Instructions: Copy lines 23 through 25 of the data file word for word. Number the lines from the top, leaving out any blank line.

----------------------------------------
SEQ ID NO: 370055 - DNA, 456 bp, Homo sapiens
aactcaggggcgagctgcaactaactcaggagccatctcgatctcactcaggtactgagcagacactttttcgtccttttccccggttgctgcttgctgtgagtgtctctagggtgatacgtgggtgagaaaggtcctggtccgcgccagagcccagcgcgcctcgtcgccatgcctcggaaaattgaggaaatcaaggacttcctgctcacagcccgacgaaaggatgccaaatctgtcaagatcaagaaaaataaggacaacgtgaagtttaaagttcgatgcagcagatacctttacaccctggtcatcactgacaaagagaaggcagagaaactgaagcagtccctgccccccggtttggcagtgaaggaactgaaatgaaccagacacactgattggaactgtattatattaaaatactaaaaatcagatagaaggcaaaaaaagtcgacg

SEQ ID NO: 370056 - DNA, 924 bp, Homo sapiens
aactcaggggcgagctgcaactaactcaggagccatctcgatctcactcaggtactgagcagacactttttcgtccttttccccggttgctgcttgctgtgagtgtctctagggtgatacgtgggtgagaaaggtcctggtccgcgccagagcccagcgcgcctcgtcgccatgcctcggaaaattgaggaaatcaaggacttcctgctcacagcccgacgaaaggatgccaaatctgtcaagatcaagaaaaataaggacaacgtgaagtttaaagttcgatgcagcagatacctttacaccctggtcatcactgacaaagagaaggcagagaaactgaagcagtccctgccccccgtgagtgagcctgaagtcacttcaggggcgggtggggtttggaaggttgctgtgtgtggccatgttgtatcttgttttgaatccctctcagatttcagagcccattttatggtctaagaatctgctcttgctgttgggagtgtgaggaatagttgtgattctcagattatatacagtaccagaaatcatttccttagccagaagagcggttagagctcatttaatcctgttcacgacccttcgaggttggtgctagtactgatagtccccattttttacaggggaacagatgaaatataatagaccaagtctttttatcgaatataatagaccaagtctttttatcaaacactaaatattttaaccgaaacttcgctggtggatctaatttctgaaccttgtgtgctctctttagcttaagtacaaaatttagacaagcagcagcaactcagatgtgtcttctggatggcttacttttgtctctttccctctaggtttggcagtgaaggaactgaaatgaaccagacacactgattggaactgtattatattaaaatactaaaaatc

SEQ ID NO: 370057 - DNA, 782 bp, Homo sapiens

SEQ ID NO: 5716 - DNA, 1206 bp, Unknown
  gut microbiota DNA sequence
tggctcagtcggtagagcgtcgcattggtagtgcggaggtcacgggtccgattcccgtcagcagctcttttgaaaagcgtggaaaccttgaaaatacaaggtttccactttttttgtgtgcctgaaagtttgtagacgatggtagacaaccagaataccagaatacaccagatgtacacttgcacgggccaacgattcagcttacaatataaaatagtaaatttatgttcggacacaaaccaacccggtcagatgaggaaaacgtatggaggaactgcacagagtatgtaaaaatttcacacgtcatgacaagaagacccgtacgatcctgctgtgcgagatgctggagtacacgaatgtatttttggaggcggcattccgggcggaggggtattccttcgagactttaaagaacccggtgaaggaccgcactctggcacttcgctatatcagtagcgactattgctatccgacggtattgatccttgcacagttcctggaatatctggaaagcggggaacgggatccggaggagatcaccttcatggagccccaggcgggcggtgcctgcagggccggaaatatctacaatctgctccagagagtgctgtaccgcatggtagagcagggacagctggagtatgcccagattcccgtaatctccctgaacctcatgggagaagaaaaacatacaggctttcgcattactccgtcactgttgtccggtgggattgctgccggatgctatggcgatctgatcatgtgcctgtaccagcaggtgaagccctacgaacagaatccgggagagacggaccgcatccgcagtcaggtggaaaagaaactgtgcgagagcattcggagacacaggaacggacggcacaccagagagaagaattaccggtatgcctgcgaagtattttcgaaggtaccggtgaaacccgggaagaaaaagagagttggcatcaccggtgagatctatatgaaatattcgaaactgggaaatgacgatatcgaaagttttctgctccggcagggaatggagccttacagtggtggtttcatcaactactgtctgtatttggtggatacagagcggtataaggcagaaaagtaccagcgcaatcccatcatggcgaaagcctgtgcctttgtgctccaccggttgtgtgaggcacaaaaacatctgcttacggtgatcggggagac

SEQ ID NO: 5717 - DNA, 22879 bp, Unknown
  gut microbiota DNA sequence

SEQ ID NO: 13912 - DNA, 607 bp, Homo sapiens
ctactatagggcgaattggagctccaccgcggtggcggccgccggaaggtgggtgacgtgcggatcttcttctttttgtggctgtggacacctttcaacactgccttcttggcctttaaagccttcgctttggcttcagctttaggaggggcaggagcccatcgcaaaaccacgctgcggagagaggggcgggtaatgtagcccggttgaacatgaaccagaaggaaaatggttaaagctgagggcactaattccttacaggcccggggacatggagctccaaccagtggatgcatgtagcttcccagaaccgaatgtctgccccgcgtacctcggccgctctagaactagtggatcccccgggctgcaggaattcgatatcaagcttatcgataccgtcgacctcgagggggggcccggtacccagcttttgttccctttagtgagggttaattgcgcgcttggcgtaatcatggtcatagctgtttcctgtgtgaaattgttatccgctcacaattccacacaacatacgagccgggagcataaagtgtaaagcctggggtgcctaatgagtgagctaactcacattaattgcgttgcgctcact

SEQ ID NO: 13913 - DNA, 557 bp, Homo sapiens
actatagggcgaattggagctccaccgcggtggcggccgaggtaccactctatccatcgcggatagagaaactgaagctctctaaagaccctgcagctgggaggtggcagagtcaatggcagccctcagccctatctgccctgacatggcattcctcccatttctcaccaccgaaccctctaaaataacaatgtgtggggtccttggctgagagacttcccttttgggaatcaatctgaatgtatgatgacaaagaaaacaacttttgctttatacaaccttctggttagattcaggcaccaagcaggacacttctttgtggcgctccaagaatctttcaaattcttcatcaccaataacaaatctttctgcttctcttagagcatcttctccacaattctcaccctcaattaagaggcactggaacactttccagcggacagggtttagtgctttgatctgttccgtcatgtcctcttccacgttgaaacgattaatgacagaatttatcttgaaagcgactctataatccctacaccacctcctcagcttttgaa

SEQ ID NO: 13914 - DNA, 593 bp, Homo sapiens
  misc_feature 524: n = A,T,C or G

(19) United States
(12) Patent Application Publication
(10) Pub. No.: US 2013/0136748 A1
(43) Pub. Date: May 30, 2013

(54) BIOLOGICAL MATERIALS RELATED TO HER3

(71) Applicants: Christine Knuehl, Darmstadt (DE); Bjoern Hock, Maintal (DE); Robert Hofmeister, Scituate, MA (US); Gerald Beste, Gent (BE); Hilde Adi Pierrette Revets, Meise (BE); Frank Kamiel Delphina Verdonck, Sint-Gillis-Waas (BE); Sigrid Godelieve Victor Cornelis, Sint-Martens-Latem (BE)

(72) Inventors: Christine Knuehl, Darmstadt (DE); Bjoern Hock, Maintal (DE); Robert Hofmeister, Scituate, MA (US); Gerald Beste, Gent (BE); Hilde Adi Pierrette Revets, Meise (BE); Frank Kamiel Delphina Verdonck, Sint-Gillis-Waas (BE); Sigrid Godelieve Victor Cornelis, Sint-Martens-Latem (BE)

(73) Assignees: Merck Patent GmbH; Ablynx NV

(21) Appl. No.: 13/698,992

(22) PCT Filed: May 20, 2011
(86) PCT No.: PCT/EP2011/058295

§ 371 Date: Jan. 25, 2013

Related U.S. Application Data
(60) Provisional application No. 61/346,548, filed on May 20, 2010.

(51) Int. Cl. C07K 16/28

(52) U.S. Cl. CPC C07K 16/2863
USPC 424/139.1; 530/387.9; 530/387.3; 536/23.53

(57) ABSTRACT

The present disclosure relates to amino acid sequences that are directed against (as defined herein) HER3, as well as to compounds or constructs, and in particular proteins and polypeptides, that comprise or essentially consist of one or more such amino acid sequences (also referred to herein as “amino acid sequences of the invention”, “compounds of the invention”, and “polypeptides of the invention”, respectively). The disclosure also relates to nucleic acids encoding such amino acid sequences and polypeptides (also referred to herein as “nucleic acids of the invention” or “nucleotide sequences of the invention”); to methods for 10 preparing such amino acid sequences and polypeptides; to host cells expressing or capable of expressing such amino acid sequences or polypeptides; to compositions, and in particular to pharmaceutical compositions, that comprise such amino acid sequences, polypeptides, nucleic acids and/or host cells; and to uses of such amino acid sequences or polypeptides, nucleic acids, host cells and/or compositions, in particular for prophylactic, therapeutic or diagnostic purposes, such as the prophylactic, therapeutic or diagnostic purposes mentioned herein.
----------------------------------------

(72) Inventors: Christine Knuehl, Darmstadt (DE); Bjoern Hock, Maintal (DE); Robert Hofmeister, Scituate, MA (US); Gerald Beste, Gent (BE); Hilde Adi Pierrette Revets, Meise (BE); Frank Kamiel Delphina Verdonck, Sint-Gillis-Waas (BE); Sigrid Godelieve Victor Cornelis, Sint-Martens-Latem (BE)

(73) Assignees: Merck Patent GmbH; Ablynx NV

(21) Appl. No.: 13/698,992